Thunderbug Trike (yet another project)

With a fair bit of trepidation, following my abject failure to finish the Midge project, I have decided to announce my latest and probably most absurd project to date (probably not as absurd as the Mad Max Volvo Pickup I was building which ended when I broke my back running out of talent whilst mountain biking on Cannock Chase)IMG_0048

So without further ado, here is the future of urban personal transportation, The Thunderbug Trike


All right I will be the first to admit it looks like a box with three wheels magically suspect in a vertical position but it is a start.

I have been tinkering with the idea of building a trike for a number of years but was always put off by the fact that using steel would make the trike weigh around 40lb and that aluminium was just too difficult to work with without specialist equipment. I have also been tinkering with the idea of using bamboo as a frame material as I have the tools to work with wood (or grass) and just about enough skill to get me through. Some may remember the plywood recumbent me and Connor built two years ago whilst I was convalescing from my road accident. Indeed the seat and rear wheel have been salvaged from the back of the shed as temporary props for the Trike.


Whilst the bike made very interesting riding, it did prove that wood would work and that I would be able to ride a bike again as up to having my second operation riding an upright bike was out of the question.

So fast forward to the present and the urge to have a go at a trike had reached the top of the pile of things I wanted to try and build. In the intervening years it appears that composite materials are now readily available in the home user environment. There is a wealth of information out there and a number of suppliers happy to provide no minimum quantities to enthusiastic amateurs. There is also a growing number of people building bamboo bikes and whilst the knowledge required is generally more guarded by those in the know, probably because there is an abundant number of hipsters willing to part with loads of money for their ‘boo bikes.

After researching what is out there and buying a number of books (including the excellent “The Cycling Zoo” by Steve Nurse and “Bicycle design” by Mike Burrows I decided on doing away with the typical bike frame in favour of a monocoque chassis, after all in my mind a trike has more in common with a car (or a three wheeler) than a bike and with the use of composites it made sense to build a monocoque utilising the inherent strength of the materials, the weight saving benefits and the simplification of the build by bolting the components to the tub. The more I thought about it the more it made sense and would allow me to dabble with new skill sets.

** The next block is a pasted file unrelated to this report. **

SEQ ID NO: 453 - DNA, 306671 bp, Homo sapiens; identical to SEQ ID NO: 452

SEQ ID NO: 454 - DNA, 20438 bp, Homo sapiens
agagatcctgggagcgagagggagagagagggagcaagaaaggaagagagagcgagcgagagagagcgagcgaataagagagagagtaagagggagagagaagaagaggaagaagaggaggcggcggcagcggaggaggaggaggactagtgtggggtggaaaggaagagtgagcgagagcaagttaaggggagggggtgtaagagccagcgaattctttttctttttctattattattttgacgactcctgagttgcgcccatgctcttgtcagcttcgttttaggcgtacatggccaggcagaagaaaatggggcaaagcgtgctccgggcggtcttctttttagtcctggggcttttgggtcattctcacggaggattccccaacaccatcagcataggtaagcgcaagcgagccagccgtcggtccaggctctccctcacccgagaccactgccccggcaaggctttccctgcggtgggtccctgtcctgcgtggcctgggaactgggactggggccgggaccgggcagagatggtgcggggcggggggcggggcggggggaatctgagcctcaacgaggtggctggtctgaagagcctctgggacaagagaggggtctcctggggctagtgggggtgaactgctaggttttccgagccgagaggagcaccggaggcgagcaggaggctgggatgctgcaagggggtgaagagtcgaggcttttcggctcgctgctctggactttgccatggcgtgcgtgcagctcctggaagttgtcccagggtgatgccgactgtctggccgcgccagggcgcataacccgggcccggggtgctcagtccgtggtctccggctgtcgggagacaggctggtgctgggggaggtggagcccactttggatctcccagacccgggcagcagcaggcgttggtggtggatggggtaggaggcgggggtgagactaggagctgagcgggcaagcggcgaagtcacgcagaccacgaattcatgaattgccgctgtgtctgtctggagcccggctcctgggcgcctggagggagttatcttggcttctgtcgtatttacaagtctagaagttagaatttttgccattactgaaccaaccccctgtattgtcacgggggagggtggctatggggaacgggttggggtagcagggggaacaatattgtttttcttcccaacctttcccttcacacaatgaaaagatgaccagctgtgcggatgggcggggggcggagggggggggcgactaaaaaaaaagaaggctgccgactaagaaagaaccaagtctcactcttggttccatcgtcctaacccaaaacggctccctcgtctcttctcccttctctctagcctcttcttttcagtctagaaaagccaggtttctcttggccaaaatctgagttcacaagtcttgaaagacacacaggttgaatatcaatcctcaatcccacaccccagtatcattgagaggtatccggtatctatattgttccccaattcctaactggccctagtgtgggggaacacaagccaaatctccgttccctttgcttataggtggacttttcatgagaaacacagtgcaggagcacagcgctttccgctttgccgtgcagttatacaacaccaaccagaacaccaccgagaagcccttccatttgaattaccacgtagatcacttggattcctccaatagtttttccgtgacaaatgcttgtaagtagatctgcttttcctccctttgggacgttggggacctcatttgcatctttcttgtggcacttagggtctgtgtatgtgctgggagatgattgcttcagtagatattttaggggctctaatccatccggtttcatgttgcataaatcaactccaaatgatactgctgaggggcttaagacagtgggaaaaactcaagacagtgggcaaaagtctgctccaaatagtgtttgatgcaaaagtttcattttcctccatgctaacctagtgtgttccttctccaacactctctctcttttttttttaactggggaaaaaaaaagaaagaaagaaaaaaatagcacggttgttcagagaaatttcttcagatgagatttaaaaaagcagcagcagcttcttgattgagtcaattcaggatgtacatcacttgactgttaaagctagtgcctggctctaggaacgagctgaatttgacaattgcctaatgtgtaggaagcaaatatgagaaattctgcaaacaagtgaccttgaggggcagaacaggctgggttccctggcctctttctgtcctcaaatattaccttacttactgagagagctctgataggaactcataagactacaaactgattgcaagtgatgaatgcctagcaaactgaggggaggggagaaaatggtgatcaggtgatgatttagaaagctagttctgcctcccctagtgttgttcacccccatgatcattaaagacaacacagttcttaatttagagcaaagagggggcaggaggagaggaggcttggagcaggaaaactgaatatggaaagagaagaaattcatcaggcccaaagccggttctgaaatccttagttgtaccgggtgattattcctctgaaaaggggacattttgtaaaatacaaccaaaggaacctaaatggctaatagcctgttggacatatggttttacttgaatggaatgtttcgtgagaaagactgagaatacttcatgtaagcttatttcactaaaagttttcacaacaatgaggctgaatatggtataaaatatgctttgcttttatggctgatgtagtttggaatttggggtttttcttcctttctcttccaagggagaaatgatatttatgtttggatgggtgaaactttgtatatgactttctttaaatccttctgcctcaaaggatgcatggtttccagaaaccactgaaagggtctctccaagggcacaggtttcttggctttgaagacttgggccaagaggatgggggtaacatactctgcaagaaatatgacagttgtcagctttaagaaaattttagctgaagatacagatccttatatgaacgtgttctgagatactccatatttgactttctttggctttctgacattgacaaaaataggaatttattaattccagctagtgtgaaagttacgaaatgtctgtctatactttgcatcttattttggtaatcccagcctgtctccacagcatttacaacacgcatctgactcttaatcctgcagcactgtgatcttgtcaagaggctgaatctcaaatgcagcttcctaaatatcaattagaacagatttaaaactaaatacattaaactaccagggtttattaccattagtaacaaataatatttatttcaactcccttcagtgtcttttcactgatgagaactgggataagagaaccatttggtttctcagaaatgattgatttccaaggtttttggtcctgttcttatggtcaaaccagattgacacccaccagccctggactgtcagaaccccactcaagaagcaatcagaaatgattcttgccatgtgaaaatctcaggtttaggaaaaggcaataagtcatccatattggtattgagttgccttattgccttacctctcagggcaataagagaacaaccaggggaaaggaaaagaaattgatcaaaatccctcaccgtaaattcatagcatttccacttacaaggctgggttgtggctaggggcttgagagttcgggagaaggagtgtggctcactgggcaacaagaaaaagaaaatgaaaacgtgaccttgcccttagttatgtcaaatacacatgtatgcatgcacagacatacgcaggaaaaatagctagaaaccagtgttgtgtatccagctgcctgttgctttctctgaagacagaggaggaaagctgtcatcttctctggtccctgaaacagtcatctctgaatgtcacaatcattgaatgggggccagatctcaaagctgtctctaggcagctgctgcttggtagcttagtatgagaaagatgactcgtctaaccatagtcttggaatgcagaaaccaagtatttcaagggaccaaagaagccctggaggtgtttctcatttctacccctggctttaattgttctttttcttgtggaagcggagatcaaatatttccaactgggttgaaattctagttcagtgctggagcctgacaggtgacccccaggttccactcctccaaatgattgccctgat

The design has come along and will be an amalgamation of natural and man made fibres, bamboo for the front wishbones, pedal boom, rear arms and seat, carbon fibre for the tub and supports, aluminium for the brackets and links. I have incorporated four link shock absorption on the rear ( I wouldn’t dare call it suspension but hopefully it will take the pain of the bumps away) and I have ovalised the bamboo to utilise more substantial poles without adding to the bulkiness on the lines. I haven’t seen this done before and there is probably a good reason for it but naivety is the mother of invention, probably.


So far I have manufactured the tub from plywood, the plan is to manufacture the rest of the parts onto the plywood model making any alterations required until it all looks right, then to use it as a plug for a mold to form a fibreglass chassis. This chassis will be used on the road to see what breaks and what doesn’t work before finally committing the design to carbon fibre. The bamboo parts will be well tested and if they prove satisfactory will make it onto the final product, if they don’t they will be replaced by readily available carbon fibre tube but that is all months down the line.

This afternoon was the first opportunity to mount things in situ on the jig (offcut chipboard) and already I like how it looks although I have let to puzzle out how to mount the front boom and wishbones in the narrow space available, it looked wider in Sketchup than it is in reality.

The build costs so far …. edit… I was going to put the build costs down but I just scared myself totting it up. I will keep a record and decide if I dare report it as the project develops..


“Roads were not built for cars” – Book review. Essential reading for cycle campaigners and a chance to unravel some myths and legends

I Do Not Despair

I have written this review in two parts. The first is what you might call the “official review” which I have given to the ECF web site for our cycle campaigning community. It should appear on shortly. But reading it I discovered some interesting content relating to my past role at CTC, the UK cyclists’ charity which prompted me to add some additional reflections which I have added here in my personal blog.

The “official review”

Anyone wanting a comprehensive review of how our roads entered what we might call the “modern era” should look no further than this highly enjoyable read from British cycling journalist Carlton Reid. He has taken an investigation of the role cycling played in road modernisation in the late 19th and early 20th century and extended it to cover the origins of road construction, the engineering of cars and how this period…

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